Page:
Imagine a brick were patented preventing building homes without paying royalties. The brick was new for a while and those who want the newest homes can get them of brick. But, after a reasonable time (certainly not 20 years) then bricks can be used to build bridges and roads and the public can benefit from the value of this and new things can be made from bricks.
An innovator can design/patent a better brick fetching the high sale price of the new value... repeat.
If the brick cannot be used for 20 years then we cannot get decent roads at a reasonable cost and we cannot create improved ideas based upon a brick for 20 years.
Now for the worst case... obstructive patents.
Patents often obstruct innovation and progress. A large number of companies buy/bury patents that will create a better product. They do not apply these in improvement of the product. If the idea were available in a reasonably short time then progress can occur.
If one does not apply the patent in a reasonable time (~1/2 the life of the patent is my thought) then the patent owner does not prevent use. This allows for application and further innovation based on that foundation.
Lawyers are parasites. They create nothing of value and consume the time and money of those who are creating value, not to mention stifling innovation. I find any company larger than the individual inventor (who can't afford a lawyer anyway), that uses the legal system to compete or eliminate a competetor, nothing less than reprehensible. Haven't we figured out that all innovation has a foundation of the work that preceded ours. I very much dislike the fact that this useless stuff is found newsworthy in a technical arena.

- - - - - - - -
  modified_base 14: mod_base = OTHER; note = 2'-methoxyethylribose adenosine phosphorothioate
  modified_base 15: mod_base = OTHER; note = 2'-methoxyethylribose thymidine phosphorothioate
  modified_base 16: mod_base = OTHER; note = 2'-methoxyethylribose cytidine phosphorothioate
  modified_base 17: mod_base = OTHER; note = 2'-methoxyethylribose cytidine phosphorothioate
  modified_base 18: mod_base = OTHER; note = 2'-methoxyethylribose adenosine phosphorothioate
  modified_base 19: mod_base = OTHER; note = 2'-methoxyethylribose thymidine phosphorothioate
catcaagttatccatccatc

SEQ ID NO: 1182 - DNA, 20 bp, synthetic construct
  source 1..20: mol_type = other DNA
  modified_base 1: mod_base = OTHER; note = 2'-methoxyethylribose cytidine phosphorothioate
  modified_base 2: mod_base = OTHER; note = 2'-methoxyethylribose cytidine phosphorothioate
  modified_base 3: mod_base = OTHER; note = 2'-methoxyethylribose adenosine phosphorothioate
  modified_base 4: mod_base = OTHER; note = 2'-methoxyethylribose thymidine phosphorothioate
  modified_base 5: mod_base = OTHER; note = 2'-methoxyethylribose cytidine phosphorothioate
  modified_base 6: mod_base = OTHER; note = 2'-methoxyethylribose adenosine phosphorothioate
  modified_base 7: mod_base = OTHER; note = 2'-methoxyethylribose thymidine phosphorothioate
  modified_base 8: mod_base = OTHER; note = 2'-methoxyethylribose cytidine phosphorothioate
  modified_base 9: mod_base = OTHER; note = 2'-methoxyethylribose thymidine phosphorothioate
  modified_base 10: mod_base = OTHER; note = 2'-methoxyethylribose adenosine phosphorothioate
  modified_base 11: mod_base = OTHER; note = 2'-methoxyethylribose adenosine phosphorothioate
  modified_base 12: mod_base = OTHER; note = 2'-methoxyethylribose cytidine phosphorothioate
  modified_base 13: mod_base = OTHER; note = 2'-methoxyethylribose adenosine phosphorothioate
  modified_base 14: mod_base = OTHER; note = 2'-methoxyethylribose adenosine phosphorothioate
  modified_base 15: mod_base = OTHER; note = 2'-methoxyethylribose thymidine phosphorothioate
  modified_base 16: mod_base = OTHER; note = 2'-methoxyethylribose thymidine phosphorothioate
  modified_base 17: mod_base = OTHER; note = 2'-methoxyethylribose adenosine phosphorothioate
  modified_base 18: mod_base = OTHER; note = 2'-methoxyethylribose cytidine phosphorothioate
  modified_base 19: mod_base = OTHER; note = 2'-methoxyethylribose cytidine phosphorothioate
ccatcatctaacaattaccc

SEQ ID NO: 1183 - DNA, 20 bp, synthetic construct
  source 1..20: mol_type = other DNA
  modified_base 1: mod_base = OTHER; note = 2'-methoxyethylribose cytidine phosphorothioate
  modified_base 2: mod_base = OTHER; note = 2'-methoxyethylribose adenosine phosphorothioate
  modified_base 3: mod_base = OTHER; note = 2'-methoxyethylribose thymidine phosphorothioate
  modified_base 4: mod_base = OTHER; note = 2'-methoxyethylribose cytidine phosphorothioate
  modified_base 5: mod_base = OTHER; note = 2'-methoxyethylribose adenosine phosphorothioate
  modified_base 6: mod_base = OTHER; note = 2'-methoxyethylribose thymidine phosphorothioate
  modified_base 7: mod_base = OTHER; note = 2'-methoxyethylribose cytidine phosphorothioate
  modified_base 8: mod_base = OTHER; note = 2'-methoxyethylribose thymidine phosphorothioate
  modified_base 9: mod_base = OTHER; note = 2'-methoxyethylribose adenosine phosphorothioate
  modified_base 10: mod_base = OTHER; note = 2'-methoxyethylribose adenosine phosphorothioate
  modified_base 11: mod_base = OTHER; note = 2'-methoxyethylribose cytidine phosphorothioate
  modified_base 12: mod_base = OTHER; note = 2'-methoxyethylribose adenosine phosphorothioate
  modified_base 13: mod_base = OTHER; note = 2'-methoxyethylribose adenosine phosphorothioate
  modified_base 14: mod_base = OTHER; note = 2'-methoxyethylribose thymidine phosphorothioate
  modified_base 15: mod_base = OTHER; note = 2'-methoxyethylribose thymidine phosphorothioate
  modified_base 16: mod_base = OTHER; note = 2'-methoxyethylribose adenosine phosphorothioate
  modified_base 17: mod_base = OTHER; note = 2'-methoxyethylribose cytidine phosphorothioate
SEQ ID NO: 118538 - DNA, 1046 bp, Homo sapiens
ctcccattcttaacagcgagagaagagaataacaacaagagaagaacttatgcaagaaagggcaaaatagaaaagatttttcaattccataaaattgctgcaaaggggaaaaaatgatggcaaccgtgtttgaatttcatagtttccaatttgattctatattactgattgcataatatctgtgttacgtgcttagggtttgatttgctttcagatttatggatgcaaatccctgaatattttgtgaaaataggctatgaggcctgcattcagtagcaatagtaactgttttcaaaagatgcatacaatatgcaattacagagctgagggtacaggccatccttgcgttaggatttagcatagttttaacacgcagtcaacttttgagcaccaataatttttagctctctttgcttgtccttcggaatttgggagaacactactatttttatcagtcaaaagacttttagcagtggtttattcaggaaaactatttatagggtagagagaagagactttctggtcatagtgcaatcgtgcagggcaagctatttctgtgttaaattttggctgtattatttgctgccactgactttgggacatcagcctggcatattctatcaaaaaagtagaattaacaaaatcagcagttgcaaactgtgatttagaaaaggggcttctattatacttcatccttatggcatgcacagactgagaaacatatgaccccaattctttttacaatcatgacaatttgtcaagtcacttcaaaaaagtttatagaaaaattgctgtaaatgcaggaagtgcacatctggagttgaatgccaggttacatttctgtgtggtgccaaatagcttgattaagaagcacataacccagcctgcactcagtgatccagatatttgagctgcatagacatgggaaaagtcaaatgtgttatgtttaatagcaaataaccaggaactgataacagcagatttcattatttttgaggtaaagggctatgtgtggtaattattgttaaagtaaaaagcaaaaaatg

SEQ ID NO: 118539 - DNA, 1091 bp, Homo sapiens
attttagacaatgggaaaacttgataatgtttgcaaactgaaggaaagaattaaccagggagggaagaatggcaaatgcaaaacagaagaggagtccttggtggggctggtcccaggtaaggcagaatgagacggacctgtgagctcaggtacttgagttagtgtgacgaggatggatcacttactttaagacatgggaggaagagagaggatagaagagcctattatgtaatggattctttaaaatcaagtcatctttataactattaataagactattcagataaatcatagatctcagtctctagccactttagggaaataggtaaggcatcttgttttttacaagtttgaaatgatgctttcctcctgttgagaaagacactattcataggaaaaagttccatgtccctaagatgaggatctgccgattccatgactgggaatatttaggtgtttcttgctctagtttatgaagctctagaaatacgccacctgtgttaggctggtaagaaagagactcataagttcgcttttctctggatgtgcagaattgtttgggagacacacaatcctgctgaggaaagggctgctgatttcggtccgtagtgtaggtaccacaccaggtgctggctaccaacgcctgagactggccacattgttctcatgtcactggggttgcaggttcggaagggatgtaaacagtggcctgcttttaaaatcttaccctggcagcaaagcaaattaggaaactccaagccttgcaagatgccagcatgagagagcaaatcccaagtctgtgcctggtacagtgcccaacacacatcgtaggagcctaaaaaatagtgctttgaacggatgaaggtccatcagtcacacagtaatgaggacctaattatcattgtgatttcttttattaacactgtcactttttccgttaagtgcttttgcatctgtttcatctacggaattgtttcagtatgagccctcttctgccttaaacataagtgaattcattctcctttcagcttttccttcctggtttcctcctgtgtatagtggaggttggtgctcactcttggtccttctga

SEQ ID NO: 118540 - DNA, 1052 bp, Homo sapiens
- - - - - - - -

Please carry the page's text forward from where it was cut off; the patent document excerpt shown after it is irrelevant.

Most lawyers are naught but hired guns doing the biding of those who buy their services. It is the people that hire the lawyers to do the fighting and that run the companies and that buy the politicians and pervert the legal system to ensure their power and profits that need to be restrained who are the parasites.
Yet, it seems to me Apple had a unique and big Aha! moment in seeing how the smartphone should include an open Web browser with an interface that is simple to use based on a multitouch screen--the Web in your pocket.
I don't think anybody really got that before them.
Don't they deserve some patent protection on such a big Aha!
Isn't that what the patent system is all about?
Repackaging is not patentable. Web browsers existed before. In fact, the iPod patent should not have been awarded IMO, but Apple "persuaded" the Patent Office that their packaging was unique. Yeah, sure, and for 17 or 20 years depending on when filed.
Repackaging is indeed patentable. In many patents, the claimed invention is an innovative combination of technologies that already exist -- and are individually patented -- such that the innovative combination enables a new application or a new solution to a problem.